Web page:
Justices Uphold All but One Portion of Texas Map
ALEX CHADWICK, host:
From the studios of NPR West, this is DAY TO DAY. I'm Alex Chadwick.
MADELEINE BRAND, host:
And I'm Madeleine Brand. How many times have you heard this: More violence in Iraq today.
CHADWICK: And, political news from Iraq's capital.
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BRAND: First, leading the news today, the U.S. Supreme Court upheld most of the controversial Texas redistricting plan, but the justices did strike down part of the plan, which was designed by former Republican house majority leader Tom DeLay.
The decision is one of several from the Supreme Court in this last week of the term, and joining us to help make sense of them is Dahlia Lithwick. She is legal analyst for the online magazine Slate and for us here at DAY TO DAY. And Dahlia, first, this Texas redistricting case - what was the issue at stake and what did the court decide?
Ms. DAHLIA LITHWICK (Legal Analyst, Slate Magazine): This was a pretty well known, now, mid-decade, very partisan gerrymander that was, sort of, spearheaded by, then, House Majority Leader Tom DeLay. It rejiggered the Texas map so that the GOP got a massive amount of new seats, and the question for the Court in this case was, are these, kind of, mid-census, partisan gerrymanders ever so egregious as to violate the constitutional principle of one man, one vote.
The Court's vote today is highly fractious. Literally, there is this 120-page opinion that judges are, sort of, opting in and out of, like, it's whack-a-mole. It's very hard to figure out exactly what the Court held, but we know that by a five-four margin the Court held that most of the map is okay. There is one constitutional district that they said violates the Voting Rights Act, because it dilutes the votes of Hispanic voters.
But, for the most part, they said this gerrymander is acceptable and, in fact, by a seven to two margin, the Court said these redistricting maps don't have to happen only on the decade; they can happen mid-decade, and that may open the door for a lot of partisan mid-decade redistricting going forward.
BRAND: Dahlia, will this case have any affect on the upcoming elections?
Ms. LITHWICK: I can only give you the, sort of, lawyerly answer right now, Madeleine, which is, we don't yet know. Because part of the map is invalid, the whole map needs to be fixed. I'm also hearing that special run-off elections may solve the problem. I think 120 pages later, I may be able to figure it out, or we may let the political process tell us in the coming days.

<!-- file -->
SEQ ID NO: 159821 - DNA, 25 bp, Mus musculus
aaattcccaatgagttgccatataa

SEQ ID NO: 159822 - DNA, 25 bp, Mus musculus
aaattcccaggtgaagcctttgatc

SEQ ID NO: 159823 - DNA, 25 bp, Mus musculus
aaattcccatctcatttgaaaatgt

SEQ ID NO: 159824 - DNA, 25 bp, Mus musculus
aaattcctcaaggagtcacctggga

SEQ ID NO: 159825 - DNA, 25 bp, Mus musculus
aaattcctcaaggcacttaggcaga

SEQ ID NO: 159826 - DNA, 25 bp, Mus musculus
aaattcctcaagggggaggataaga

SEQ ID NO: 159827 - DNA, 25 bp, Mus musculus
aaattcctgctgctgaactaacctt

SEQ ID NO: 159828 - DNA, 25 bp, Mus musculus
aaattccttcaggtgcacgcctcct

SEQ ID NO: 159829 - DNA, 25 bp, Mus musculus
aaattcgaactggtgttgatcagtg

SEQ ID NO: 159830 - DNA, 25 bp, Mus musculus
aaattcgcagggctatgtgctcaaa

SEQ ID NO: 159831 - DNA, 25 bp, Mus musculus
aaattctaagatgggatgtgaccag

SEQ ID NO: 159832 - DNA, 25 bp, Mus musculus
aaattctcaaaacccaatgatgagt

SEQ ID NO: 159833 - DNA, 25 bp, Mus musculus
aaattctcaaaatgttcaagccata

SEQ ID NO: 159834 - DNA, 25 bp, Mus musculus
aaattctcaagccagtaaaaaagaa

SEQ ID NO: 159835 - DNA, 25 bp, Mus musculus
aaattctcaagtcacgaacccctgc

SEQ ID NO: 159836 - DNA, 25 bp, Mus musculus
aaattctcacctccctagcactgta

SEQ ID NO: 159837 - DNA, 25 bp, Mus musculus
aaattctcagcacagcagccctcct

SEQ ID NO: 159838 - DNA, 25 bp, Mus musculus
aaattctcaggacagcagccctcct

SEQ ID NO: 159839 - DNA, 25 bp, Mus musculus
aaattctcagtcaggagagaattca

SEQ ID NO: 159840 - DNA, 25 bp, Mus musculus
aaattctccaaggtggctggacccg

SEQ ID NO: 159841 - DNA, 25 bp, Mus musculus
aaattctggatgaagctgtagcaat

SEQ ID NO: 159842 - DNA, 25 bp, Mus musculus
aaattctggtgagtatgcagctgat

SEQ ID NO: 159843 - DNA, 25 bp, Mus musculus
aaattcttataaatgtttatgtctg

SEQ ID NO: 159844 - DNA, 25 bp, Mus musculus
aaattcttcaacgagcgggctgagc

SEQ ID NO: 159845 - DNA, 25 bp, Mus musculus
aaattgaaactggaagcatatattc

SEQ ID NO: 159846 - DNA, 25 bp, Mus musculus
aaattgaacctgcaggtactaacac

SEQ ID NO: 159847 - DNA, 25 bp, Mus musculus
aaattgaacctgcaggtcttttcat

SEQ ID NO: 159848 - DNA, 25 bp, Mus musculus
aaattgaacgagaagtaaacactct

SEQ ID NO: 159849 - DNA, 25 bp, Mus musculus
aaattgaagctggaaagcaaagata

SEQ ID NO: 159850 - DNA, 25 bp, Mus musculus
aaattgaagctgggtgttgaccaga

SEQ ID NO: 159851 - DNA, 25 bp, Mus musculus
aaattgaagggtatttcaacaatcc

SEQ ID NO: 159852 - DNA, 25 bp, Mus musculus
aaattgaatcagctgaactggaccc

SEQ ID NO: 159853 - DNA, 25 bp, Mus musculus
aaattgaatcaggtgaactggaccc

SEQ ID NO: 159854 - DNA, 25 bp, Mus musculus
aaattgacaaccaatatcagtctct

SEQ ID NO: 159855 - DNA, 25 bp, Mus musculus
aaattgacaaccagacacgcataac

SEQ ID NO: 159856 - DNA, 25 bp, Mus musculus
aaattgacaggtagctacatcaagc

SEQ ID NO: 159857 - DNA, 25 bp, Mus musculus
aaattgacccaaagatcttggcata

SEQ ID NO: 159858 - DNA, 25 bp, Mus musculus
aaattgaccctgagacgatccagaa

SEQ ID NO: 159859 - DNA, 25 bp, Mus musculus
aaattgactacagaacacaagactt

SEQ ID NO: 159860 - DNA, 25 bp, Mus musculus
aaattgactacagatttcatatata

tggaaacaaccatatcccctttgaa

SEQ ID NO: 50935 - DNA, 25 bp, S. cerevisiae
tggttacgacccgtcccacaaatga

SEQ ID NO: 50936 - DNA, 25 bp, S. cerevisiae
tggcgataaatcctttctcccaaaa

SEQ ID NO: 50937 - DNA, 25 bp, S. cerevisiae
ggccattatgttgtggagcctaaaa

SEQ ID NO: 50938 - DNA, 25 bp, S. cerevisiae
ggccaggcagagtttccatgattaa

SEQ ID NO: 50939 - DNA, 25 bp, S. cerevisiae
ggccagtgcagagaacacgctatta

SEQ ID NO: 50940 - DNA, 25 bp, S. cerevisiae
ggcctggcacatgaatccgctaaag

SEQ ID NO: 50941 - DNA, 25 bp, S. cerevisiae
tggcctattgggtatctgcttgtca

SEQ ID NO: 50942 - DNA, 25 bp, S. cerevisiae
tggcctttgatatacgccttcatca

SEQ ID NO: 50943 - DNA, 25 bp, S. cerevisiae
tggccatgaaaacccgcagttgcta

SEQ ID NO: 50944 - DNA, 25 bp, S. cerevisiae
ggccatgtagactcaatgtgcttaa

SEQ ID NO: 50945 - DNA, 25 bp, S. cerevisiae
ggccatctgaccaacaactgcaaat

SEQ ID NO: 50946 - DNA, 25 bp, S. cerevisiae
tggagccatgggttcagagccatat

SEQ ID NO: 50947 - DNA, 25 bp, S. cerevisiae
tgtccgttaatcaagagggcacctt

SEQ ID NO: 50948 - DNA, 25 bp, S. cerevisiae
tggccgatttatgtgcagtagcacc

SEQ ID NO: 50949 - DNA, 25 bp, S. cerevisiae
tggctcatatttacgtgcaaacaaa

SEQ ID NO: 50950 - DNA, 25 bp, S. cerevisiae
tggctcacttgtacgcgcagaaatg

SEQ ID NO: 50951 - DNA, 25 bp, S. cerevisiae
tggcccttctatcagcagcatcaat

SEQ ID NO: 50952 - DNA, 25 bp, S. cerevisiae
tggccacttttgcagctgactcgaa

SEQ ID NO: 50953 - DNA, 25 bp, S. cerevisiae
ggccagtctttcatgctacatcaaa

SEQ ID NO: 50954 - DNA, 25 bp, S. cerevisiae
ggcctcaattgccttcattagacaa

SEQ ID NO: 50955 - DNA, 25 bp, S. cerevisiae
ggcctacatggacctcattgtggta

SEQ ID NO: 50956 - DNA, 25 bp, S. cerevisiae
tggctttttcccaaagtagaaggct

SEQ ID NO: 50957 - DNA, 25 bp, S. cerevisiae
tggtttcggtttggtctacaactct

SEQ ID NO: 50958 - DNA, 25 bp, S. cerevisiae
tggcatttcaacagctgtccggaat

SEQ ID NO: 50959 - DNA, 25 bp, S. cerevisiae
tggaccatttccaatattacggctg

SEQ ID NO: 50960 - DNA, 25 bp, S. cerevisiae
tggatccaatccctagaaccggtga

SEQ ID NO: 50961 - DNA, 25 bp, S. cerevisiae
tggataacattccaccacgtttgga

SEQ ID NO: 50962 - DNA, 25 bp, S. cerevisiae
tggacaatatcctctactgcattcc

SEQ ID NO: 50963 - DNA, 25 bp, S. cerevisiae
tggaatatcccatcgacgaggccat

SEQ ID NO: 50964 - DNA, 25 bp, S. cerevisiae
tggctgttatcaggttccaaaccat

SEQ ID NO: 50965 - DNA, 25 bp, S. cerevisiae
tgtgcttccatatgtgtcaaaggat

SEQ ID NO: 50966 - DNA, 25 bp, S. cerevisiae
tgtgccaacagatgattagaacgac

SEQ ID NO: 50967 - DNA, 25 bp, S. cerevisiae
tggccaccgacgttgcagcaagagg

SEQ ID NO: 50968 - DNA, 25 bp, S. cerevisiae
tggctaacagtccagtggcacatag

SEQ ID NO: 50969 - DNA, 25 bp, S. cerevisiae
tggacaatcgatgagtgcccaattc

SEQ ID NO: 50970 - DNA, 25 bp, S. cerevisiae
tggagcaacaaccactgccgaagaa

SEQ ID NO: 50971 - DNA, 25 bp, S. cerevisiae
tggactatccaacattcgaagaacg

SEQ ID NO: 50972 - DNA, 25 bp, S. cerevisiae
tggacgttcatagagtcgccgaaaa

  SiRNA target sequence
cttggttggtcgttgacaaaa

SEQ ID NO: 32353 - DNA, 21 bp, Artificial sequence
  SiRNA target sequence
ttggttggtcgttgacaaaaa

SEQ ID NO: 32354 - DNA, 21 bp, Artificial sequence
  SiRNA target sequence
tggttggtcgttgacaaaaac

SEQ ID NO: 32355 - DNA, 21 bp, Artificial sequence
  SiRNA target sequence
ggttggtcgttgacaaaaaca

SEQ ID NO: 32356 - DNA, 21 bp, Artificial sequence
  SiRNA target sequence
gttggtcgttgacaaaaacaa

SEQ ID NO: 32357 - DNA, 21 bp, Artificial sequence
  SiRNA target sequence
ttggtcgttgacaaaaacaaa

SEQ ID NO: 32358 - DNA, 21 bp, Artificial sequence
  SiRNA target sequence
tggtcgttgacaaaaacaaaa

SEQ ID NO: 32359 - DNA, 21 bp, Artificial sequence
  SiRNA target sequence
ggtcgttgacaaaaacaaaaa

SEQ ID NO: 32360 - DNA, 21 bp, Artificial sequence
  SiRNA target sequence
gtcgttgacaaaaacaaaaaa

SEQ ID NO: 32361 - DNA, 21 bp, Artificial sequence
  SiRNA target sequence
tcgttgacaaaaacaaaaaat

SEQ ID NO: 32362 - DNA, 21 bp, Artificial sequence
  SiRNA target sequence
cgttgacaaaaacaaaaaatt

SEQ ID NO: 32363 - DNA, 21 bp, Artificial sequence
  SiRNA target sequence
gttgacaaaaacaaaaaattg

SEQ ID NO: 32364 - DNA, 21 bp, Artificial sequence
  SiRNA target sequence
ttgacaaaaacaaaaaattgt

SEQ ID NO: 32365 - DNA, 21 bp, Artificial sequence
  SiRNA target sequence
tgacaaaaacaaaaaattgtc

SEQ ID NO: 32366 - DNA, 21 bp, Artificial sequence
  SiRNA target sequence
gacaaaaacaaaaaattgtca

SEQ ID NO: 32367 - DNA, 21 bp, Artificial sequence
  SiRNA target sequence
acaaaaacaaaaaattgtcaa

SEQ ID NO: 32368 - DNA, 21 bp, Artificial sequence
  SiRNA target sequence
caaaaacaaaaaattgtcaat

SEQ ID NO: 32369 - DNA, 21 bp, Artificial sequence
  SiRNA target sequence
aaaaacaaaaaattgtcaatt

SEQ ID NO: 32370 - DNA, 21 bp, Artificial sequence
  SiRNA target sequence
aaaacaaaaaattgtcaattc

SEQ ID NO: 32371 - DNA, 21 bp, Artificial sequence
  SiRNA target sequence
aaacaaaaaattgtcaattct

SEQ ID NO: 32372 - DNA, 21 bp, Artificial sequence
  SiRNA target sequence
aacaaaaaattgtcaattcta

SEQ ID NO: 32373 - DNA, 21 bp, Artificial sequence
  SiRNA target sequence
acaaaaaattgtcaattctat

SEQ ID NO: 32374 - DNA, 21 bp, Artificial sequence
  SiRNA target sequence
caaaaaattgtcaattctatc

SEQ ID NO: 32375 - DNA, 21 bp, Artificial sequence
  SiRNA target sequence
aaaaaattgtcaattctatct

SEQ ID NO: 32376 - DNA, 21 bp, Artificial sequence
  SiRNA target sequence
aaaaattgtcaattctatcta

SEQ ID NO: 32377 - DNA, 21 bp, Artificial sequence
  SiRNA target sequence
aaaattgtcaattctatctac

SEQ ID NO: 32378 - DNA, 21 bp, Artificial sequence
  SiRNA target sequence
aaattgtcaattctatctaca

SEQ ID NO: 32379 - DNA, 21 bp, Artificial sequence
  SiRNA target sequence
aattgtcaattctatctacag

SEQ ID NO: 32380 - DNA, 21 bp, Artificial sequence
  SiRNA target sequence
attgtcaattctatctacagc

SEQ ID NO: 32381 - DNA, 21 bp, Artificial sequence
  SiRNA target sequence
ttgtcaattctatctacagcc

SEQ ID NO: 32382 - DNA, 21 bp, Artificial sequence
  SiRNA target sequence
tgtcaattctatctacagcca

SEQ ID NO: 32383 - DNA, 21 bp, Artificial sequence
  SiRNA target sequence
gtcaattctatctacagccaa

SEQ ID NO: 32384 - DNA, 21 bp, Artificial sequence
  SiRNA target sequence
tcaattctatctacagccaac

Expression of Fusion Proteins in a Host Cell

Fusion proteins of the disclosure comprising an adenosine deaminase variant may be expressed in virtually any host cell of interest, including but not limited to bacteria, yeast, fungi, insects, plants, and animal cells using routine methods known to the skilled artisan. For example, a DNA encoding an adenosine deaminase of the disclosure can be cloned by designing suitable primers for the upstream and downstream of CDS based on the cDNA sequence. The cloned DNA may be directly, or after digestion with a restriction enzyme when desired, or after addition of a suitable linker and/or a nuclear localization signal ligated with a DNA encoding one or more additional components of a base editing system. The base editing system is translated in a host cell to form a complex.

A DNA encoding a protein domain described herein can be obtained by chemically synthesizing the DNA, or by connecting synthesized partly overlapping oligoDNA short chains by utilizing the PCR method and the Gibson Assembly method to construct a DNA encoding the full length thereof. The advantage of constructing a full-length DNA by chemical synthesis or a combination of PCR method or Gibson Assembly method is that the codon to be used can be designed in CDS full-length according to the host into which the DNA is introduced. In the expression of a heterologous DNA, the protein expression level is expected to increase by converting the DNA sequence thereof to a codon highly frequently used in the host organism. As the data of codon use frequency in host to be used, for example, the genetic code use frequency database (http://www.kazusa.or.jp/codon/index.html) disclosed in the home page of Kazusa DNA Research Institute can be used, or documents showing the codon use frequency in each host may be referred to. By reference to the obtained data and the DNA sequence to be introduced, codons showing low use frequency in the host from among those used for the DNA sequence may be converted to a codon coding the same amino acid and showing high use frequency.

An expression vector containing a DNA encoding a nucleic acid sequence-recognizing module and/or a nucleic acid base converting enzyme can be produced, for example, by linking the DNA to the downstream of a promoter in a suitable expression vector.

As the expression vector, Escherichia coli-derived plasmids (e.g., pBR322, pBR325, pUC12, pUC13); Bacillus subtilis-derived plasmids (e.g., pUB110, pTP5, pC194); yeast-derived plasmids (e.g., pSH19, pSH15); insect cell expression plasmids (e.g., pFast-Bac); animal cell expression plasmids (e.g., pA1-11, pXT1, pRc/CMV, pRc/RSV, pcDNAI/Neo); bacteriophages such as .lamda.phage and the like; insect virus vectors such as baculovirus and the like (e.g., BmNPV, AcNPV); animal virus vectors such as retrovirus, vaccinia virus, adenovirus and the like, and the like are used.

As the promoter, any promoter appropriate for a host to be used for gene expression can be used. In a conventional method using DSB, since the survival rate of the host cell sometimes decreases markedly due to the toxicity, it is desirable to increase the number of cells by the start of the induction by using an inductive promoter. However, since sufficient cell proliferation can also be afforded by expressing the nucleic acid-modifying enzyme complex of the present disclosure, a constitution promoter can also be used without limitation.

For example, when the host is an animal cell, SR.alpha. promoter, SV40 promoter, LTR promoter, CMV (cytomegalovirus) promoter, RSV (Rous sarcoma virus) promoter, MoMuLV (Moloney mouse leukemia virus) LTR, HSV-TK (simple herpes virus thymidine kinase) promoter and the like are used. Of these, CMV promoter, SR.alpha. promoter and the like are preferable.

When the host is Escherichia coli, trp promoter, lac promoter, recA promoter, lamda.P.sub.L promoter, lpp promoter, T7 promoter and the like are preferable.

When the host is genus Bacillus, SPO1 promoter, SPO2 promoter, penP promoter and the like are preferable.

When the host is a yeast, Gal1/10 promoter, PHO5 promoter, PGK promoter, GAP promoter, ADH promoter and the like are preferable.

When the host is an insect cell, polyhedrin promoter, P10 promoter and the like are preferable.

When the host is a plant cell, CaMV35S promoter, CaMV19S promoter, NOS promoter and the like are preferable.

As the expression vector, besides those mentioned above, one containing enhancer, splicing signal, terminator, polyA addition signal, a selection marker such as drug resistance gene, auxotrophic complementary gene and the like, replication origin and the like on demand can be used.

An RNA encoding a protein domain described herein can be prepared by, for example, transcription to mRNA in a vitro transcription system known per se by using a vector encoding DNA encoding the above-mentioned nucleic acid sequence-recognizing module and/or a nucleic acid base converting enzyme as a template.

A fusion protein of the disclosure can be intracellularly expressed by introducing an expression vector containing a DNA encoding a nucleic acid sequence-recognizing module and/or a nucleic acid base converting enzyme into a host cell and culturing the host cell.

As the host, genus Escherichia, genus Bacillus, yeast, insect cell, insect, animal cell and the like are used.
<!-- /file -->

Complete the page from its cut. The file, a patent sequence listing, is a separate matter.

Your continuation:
BRAND: Alright. And let's look at another decision. This is one on whether prisoners have a right to receive newspapers. Tell us about that.
Ms. LITHWICK: This was an interesting case, Madeleine. By a five-three vote - Justice Alito was not participating - the Court found that in the 40, really, most awful prisoners in a Pennsylvania prison, did not have a first amendment right to newspapers and magazines. Justice Breyer, writing the opinion, said that the policy reason of wanting to, sort of, regulate their behavior and to give them incentive to behave better, was sufficient to cut off their access to these written materials.
BRAND: So we have one more day of decisions - tomorrow. What are we waiting for?
Ms. LITHWICK: There are two big cases that remain for this term, Madeleine. One has to do with the boundaries of how a state can define an insanity defense - if it has to be a broad notion of what insanity encompasses or a very narrow one. And the other - really the blockbuster of the term - is the Hamdan case, which is testing the Bush administration's tribunal system that they've set up to try enemy combatants.
So, tomorrow really is, I think, a big day going forward, in how this Court is going to look at executive power issues.
BRAND: And we'll be talking to you about that very issue tomorrow, no doubt. Thank you Dahlia.
Ms. LITHWICK: My pleasure.
BRAND: That's opinion and analysis from Dahlia Lithwick. She covers the courts for the online magazine Slate.
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